• Armed with: rapier.
  • Soldiers, less than ten or so. Under the command of Don Rafael, and none of them particularly skilled or competent. Pure cannon fodder.
    • Armed with: rapiers (possibly sabers) and also some with muskets. One has a handgun.

The Setup: The beginning of Mask of Zorro practically functions as the ending– if a rather dark one– to another movie that’s not shown to the audience. Between the lengthy text prologue and the implications of the early dialogue, the audience learns that the Spanish colony of California is about to come under the control of the legendary Mexican leader Santa Anna. Montero, however, has yet to leave the soon-to-be-liberated land, in order to take one last stab at killing Zorro, who has clearly been antagonizing Rafael for some time now. Montero’s hatred for the outlaw is deep and personal.

Montero has set a trap for Zorro by organizing the public execution of three random civilians, hoping that Zorro will show up and be killed in the attempt to save them. The audience mainly sees the ensuing confrontation through the eyes of two young boys, Joaquin Murrieta (who was a real person) and his little brother Alejandro (who wasn’t), both of them big Zorro fans.

[Note that this segment combines two short fights– Zorro’s exploits at the gallows and the ensuing confrontation at his home– into one entry. This combination is done in the interest of brevity, as the two battles are both short and largely against the same foes.]

The Fight: Zorro, who arrived disguised as a hooded monk, waits until the last possible moment to interrupt the proceedings, but does so with signature style, seizing one of the firing squad’s rifles with his whip and yanking it into the guns of his compatriots so that all their shots hit their captain rather than the would-be victims. Campbell wastes no time setting up Zorro’s signature cleverness and showmanship.

The battle that follows is well-done. Zorro fends off the remaining soldiers with ease, pulling a few more tricks like escaping through the gallows’ trapdoor, impaling one guard by throwing him into a sword that become lodged in a wooden pillar, and trapping another foe inside a set of stocks (you know, these things) nearby. Hopkins and/or his stunt double make for an appropriately dashing and capable figure, even if makeup and lighting couldn’t quite conceal the actor’s age and physical condition (he was about 60 at the time of filming):

Still sexier than I am, so we won’t dwell on it

The Murrieta brothers, watching from the rooftops, spot the additional set of soldiers waiting to snipe Zorro from a nearby balcony, and foil them by pushing a statue in their direction just before they could take a rather fateful shot. Zorro shows up to thank them in person, and leaves Joaquin his signature silver medallion in gratitude. This will be important later.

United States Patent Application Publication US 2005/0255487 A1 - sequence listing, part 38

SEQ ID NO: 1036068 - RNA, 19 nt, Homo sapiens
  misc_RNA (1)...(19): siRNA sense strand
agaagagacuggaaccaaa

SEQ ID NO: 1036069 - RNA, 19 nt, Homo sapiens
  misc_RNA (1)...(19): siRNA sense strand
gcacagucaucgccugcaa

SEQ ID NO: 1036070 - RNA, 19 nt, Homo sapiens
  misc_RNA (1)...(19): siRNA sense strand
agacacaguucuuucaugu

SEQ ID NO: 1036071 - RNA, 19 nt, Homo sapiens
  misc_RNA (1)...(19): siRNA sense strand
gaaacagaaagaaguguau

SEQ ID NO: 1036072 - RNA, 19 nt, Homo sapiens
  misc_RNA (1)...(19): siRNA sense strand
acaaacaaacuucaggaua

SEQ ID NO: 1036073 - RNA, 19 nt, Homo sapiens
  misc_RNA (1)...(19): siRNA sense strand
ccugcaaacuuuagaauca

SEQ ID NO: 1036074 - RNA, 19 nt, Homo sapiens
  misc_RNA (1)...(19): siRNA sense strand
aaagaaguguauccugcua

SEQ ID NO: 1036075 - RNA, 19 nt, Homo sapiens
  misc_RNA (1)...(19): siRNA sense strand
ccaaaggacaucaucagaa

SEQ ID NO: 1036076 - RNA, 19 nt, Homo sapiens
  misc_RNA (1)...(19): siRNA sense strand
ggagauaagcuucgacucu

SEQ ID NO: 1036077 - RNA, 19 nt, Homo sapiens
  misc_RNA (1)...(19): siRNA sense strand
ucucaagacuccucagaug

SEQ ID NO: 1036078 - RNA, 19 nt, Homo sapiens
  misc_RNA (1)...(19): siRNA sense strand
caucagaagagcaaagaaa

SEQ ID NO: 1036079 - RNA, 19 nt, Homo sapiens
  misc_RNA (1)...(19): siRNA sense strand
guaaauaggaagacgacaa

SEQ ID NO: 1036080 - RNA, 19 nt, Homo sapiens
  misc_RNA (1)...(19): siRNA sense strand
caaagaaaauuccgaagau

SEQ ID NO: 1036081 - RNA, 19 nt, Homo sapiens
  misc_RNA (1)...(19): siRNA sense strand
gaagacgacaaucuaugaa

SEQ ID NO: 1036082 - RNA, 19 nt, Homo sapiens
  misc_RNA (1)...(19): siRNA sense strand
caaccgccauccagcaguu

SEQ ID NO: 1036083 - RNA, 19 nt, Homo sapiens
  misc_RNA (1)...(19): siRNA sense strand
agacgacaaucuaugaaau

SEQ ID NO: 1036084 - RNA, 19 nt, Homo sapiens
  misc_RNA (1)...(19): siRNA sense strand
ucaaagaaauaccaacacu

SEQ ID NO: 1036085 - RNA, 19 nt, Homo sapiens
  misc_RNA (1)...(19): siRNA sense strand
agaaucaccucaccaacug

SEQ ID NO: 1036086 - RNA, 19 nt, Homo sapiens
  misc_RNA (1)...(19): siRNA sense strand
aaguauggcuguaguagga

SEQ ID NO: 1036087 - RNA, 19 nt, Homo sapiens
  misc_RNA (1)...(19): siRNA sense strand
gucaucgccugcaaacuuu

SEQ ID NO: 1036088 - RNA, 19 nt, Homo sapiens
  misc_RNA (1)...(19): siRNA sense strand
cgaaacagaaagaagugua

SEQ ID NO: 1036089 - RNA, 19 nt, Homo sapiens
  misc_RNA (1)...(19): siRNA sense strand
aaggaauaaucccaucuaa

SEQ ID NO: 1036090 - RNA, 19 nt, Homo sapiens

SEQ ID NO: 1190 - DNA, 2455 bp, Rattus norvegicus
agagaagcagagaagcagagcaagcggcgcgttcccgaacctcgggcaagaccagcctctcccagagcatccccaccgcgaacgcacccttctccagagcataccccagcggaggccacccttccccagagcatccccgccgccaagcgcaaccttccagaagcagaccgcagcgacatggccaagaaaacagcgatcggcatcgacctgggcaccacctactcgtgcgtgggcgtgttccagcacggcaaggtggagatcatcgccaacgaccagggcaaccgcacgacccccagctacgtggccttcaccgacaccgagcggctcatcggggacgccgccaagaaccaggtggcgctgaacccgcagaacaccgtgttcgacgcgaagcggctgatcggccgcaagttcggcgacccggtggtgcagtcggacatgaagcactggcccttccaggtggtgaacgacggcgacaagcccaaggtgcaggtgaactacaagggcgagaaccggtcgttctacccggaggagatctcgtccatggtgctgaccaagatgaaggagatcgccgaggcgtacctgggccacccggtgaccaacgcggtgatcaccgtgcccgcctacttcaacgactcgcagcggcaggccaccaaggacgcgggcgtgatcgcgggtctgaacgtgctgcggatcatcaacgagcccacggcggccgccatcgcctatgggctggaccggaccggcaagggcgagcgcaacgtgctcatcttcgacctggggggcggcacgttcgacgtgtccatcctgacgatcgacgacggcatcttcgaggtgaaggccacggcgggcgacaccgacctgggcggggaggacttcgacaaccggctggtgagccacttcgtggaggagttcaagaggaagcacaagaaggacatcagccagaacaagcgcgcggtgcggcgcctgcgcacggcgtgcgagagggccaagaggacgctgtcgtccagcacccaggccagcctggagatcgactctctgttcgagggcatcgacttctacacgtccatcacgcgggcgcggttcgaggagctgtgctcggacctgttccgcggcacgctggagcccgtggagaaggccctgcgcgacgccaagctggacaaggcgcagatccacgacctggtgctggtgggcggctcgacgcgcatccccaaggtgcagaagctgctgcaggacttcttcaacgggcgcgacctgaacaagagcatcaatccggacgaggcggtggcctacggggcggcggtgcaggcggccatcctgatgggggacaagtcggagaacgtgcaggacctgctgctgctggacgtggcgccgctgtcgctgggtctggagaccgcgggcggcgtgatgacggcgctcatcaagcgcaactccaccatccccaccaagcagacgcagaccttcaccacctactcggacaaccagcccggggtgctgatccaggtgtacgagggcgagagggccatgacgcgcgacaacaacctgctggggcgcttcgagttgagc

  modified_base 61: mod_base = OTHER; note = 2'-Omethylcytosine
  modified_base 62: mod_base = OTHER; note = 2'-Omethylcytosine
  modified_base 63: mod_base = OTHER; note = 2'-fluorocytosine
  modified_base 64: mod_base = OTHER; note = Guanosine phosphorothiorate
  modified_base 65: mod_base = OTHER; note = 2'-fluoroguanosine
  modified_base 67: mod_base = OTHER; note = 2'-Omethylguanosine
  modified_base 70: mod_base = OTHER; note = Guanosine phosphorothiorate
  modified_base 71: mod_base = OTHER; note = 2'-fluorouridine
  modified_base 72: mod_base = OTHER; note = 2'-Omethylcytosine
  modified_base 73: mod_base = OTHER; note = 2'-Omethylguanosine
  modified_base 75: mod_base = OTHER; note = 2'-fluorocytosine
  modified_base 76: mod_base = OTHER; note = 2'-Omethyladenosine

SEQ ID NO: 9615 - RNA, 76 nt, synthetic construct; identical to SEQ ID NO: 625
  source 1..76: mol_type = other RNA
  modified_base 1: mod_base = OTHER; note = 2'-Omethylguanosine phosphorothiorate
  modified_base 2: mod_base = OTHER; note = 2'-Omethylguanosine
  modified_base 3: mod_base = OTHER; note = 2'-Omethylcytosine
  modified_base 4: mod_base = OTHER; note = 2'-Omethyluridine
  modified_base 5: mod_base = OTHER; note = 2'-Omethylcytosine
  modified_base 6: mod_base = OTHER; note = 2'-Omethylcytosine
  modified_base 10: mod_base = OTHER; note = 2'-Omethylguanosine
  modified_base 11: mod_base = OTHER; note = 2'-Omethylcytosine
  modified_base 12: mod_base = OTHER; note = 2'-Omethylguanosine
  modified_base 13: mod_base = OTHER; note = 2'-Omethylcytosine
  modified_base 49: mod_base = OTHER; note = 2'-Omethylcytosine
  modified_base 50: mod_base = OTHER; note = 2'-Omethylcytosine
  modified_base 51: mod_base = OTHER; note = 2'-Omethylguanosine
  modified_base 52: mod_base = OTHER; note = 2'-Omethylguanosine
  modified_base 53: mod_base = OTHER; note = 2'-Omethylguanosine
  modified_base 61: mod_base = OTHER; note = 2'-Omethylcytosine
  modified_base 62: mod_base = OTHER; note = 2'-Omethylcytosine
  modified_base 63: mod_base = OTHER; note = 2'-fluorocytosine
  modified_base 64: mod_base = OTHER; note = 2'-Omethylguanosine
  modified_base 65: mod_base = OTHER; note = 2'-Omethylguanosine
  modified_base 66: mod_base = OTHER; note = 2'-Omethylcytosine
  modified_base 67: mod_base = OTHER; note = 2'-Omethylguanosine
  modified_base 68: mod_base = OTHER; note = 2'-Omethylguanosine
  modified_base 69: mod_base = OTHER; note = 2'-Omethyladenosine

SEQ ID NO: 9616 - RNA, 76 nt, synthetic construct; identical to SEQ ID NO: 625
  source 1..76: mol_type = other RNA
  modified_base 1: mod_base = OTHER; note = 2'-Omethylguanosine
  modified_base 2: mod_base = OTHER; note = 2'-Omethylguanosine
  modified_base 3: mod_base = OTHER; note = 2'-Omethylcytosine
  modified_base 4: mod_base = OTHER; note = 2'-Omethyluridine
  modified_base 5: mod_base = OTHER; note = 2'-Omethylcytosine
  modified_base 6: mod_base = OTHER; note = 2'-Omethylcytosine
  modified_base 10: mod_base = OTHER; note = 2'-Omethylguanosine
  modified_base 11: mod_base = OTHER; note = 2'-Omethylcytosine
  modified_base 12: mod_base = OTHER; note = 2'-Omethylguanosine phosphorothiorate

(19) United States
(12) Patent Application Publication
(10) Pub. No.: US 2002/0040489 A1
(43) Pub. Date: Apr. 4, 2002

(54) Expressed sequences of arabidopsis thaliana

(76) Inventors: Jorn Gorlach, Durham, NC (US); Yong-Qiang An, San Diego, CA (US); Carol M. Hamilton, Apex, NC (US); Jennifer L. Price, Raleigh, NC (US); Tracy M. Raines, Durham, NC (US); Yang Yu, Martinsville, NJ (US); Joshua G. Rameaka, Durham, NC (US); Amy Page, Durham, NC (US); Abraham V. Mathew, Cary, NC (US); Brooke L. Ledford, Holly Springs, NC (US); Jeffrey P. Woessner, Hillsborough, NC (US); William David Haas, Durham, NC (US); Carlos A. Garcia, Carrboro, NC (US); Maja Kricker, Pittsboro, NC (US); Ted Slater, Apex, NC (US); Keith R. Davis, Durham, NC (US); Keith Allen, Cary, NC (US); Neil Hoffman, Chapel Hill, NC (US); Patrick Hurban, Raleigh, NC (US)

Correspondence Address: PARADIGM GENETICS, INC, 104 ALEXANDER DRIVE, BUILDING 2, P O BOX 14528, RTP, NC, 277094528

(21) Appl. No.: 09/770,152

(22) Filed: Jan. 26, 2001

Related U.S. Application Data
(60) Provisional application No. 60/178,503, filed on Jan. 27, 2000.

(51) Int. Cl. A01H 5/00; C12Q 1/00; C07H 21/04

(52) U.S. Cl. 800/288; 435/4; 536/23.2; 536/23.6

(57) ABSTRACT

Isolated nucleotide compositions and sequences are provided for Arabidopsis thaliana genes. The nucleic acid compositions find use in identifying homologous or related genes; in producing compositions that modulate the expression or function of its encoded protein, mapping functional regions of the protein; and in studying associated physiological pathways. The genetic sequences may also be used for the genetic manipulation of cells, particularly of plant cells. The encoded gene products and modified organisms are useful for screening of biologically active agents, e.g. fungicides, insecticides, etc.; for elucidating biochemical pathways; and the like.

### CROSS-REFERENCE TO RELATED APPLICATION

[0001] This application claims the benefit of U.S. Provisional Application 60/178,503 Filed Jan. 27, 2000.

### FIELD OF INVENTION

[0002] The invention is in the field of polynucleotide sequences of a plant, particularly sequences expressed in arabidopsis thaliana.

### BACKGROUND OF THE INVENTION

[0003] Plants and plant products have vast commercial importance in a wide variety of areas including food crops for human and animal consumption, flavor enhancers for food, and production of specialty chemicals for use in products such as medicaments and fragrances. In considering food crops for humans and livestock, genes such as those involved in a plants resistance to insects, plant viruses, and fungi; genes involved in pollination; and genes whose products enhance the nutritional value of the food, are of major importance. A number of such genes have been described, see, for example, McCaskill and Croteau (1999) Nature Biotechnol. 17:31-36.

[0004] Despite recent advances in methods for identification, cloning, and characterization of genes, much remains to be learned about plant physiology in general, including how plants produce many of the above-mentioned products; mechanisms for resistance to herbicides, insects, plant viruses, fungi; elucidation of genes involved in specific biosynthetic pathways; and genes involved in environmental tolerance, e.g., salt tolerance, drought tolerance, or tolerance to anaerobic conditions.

Before leaving (via escape into the crowd), Zorro confronts Rafael, and leaves a signature “Z” cut on his neck, telling him to go back home to Spain and never return.

Zorro would come to regret that act of chivalric mercy, because after he rides to his lovely hacienda and attends to his wife & infant daughter, an unmasked Diego is confronted by Don Rafael and a squad or armed guards. Montero has at some point deduced his adversary’s true identity, the revelation of which must be truly cutting as it’s the same guy who married Rafael’s own unrequited love, Esperanza.

Diego, naturally, resists arrest, and after fighting some guards off a heated duel soon begins between himself and Rafael– right there on the stairs, which is always neat. Though Rafael is clearly skilled, it’s likely de la Vega would have won if not for the interference of the gun-wielding soldiers. Seeing them leveling another shot, Esperanza rushes in to defend her husband and takes a bullet in the back that was meant for him, dying instantly. Shell-shocked at his wife’s death, Diego goes down to a cheap blow to the head (courtesy of Montero) as he rushes to attend to his crying infant daughter.

Zorro is hauled off to a third-world prison with his wife dead, his daughter left to be raised by his hated enemy, his home burned with his beloved horse inside. Harsh.

Overall the action is fun but not spectacular. Zorro’s acrobatic exploits in the opening set the stage and tone for what’s to come. The music is serviceable if not soaring, and the actors are all clearly committed. All of the hero’s tricks in the beginning are well-done, but my personal favorite beat is probably Montero immediately killing the soldier who inadvertently shot Esperanza.

Grade: B

Coming Attractions: Proto-Zorro!

Needs work.

Rob Roy (fight 2 of 2)

Fights like this are the reason I started this site.

And faces like this are why punching was invented.

2) Rob Roy vs Cunningham

The Fighters:

  • Robert Roy MacGregor, a valiant clan chief from the Scottish Highlands. A rugged yet sensitive family man, Rob is fiercely dedicated to honor & integrity. A large and lethal dude who only fights when he must, Rob Roy is essentially the Ultimate Man. He’s like five Aragorns. Played by Liam Neeson at the tail end of his youth, looking like THIS:

… it got hot in here for everyone else, right? Not just me?

  • Armed with: a claymore, the signature weapon of the Scots.
  • Archibald Cunningham, whose fencing prowess was established in the film’s first fight and whose shocking capacity for cruelty has been established ever since. Every bit as foul as Rob is virtuous. Played by Tim Roth, in a performance that would make William Atherton proud.
    • Armed with: a rapier, as before.